Tom Hanks’ First Movie Was Cringey Anti-D&D Propaganda
We all love Tom Hanks, he’s basically America’s dad—which makes Chet Hanks America’s brother, who'll presumably one day need to crash on America’s futon for a while after hitting America up for bail money. We know Tom Hanks for his iconic leading roles in acclaimed movies like Saving Private Ryan, Cast Away, and The ‘Burbs (well, at least we gave it some acclaim). He’s also, famously, the voice of Woody in Toy Story, not to mention the undisputed number one cinematic urinator of all time. But while Hanks has unquestionably become a keystone of modern pop culture, everybody has to start somewhere. So … what was Tom Hanks’ first movie?
Technically his feature film debut came in the 1980 slasher movie He Knows You’re Alone, about a serial killer who targets soon-to-be-married young women. Weirdly, this instantly forgettable schlock-fest somewhat anticipated the meta horror movie trend later popularized by Scream; it originally had the Scream-like title Shriek, opens with a murder in a theater playing a horror movie (like Scream 2 does), and Hanks’ minuscule part is that of a psych undergrad who opines about horror movies and the “emotion of fear.”
He Knows You’re Alone wasn’t exactly a huge hit. Siskel & Ebert called it a “depraved” film that “borders on being evil.” The Los Angeles Times blasted it as a “by-the-numbers piece of sickening trash.” It’s pretty much one of the worst things Tom Hanks ever made other than Chet. But, to be fair, it was just his first job acting in a movie. His first legit leading role though, the first real Tom Hanks–centric film, was Mazes and Monsters, a 1982 TV movie that, if you were to guess based purely on the recent DVD cover art, looks like a Da Vinci Code sequel in which Robert Langdon’s baby brother gets kidnapped by David Bowie.
But the actual movie is decidedly less epic than what’s being promised here. It’s more like a cringey, feature-length PSA about the acute psychological dangers of college kids partaking in fantasy role-playing games. The movie was based on a novel by Rona Jaffe, a “thinly veiled retelling” of the real-life story of James Egbert, a college student whose 1979 disappearance was attributed by the media at the time to his penchant for playing Dungeons & Dragons.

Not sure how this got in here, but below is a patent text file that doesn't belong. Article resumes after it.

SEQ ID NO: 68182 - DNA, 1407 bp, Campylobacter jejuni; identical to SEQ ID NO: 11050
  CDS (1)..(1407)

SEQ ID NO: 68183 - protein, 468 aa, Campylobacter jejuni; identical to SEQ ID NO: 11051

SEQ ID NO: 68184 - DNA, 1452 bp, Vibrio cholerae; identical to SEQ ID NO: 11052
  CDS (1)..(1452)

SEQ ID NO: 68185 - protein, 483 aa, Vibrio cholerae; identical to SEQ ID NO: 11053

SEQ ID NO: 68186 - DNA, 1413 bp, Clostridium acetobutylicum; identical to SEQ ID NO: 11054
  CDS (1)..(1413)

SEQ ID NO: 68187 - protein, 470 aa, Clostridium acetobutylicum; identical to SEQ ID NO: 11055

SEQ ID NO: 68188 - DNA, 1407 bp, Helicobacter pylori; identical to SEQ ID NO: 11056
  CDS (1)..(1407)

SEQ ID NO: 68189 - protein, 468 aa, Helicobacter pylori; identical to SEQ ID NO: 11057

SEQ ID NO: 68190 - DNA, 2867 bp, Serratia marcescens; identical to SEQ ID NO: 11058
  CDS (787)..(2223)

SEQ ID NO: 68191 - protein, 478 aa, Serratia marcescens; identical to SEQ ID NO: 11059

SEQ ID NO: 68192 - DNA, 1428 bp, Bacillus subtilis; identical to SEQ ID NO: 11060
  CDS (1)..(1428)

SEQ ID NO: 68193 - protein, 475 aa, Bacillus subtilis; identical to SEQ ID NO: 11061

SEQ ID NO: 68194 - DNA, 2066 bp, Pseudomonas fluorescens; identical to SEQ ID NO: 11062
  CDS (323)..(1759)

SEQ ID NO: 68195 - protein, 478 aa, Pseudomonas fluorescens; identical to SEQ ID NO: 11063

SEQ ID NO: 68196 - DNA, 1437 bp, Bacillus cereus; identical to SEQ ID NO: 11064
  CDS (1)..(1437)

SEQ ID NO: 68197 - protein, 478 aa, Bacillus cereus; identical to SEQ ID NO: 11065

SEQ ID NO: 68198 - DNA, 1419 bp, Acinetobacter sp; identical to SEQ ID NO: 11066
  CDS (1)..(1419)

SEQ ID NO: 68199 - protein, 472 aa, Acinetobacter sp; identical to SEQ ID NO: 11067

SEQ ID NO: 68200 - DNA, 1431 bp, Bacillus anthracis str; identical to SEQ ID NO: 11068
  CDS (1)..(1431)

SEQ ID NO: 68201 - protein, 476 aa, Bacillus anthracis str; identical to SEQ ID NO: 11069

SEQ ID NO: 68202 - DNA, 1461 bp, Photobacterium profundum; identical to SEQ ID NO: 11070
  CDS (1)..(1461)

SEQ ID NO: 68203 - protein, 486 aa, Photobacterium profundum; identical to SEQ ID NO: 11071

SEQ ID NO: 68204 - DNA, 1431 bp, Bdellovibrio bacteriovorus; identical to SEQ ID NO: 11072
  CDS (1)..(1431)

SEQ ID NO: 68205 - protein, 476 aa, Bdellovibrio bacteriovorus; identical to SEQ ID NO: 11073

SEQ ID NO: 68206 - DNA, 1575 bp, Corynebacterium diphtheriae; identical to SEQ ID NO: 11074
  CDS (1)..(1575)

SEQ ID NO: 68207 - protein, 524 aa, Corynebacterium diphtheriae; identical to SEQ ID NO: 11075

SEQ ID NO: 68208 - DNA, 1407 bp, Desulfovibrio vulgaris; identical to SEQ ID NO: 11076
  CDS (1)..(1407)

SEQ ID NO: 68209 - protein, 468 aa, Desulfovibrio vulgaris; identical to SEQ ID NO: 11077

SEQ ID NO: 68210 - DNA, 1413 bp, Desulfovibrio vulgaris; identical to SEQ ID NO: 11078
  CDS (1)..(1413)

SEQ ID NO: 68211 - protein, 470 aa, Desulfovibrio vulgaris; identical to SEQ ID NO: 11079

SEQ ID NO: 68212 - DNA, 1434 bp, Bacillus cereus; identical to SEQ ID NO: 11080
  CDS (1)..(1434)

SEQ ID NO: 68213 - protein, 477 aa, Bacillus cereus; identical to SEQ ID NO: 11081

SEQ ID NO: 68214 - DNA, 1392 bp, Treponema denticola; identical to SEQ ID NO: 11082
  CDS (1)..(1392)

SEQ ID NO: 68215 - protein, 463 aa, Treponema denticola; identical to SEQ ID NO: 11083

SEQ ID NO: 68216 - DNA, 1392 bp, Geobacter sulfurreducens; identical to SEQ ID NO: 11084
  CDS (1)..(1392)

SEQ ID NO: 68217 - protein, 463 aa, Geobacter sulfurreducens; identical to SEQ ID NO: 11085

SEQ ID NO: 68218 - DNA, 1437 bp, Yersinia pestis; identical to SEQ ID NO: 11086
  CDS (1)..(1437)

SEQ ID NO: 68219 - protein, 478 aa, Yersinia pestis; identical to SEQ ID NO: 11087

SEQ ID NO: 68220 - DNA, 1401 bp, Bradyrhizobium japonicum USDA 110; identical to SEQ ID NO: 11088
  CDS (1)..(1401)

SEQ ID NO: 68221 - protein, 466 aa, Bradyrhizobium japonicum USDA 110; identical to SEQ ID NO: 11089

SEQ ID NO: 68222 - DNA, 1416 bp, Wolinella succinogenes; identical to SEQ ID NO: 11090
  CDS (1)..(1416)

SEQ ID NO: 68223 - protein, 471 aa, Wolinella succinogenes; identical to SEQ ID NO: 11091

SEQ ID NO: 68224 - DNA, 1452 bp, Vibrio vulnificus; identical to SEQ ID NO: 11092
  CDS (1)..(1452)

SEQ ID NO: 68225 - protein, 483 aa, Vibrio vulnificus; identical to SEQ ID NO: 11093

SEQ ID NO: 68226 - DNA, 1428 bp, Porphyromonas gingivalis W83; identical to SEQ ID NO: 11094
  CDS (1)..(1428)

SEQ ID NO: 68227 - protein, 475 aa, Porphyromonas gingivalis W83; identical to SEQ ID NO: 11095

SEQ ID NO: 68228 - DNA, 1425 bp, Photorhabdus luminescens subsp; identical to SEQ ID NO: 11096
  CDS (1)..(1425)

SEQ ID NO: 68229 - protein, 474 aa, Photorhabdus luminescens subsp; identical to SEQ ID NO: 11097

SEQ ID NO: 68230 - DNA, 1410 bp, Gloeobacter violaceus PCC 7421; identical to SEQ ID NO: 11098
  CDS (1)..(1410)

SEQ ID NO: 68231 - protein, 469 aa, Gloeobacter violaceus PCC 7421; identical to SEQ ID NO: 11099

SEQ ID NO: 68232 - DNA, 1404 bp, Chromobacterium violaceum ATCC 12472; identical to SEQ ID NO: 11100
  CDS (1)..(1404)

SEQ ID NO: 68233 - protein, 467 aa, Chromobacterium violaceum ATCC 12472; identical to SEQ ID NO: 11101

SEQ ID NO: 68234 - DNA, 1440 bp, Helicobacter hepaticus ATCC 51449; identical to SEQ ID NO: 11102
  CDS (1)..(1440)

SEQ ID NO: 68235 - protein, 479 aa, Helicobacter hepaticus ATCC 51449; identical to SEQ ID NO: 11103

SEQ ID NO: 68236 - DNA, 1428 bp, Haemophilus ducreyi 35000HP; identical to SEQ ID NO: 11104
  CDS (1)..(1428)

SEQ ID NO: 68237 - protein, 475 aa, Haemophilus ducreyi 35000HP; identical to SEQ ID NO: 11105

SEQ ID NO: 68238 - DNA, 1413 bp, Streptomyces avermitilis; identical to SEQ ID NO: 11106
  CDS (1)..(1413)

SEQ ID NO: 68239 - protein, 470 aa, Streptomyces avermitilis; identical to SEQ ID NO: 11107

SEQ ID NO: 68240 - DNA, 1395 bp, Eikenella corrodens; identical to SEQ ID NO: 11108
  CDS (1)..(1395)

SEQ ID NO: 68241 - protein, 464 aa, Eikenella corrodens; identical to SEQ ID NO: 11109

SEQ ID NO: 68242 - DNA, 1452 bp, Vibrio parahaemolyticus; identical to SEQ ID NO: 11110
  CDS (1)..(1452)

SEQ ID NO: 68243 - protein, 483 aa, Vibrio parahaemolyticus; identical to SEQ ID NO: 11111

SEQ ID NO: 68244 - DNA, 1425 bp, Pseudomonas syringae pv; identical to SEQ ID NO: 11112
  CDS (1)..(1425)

Publications wildly speculated that Egbert may have started to believe that he really was his D&D character, even though he left a suicide note behind. It turned out that Egbert was still alive and staying with a friend after attempting to take his own life using sleeping pills due to “academic and parental pressure” as well as drug use. It had absolutely nothing to do with occasionally pretending to be a wizard with his friends—something psychologists have since found to actually be therapeutic for those suffering from depression and social anxiety.
Despite the fact that the D&D explanation for Egbert’s disappearance was sensationalized bullshit, Jaffe turned the story into the book Mazes and Monsters, reportedly hammering out the novel in just three days. Jaffe eventually realized that the Egbert situation “had nothing to do with his gameplaying” but by then she had already “written a novel about the young people who are making the '80s the decade of the fantasy game.”
In the movie, Hanks plays a similarly troubled young man named Robbie who, ignoring his parents’ warnings, continues to play the titular RPG with his school chums, including his new girlfriend played by Canadian actress Wendy Crewson. In a Reefer Madness–like twist, this completely ruins his entire goddamn life. When the gang start dressing up in costumes and playing the game in nearby caverns seemingly borrowed from Fraggle Rock, Robbie starts hallucinating an actual monster, played by The Predator himself, Kevin Peter Hall. Then of course he disappears. And we get some heavy-handed moralizing from the cop in charge of the case, Detective Mayor from Jaws.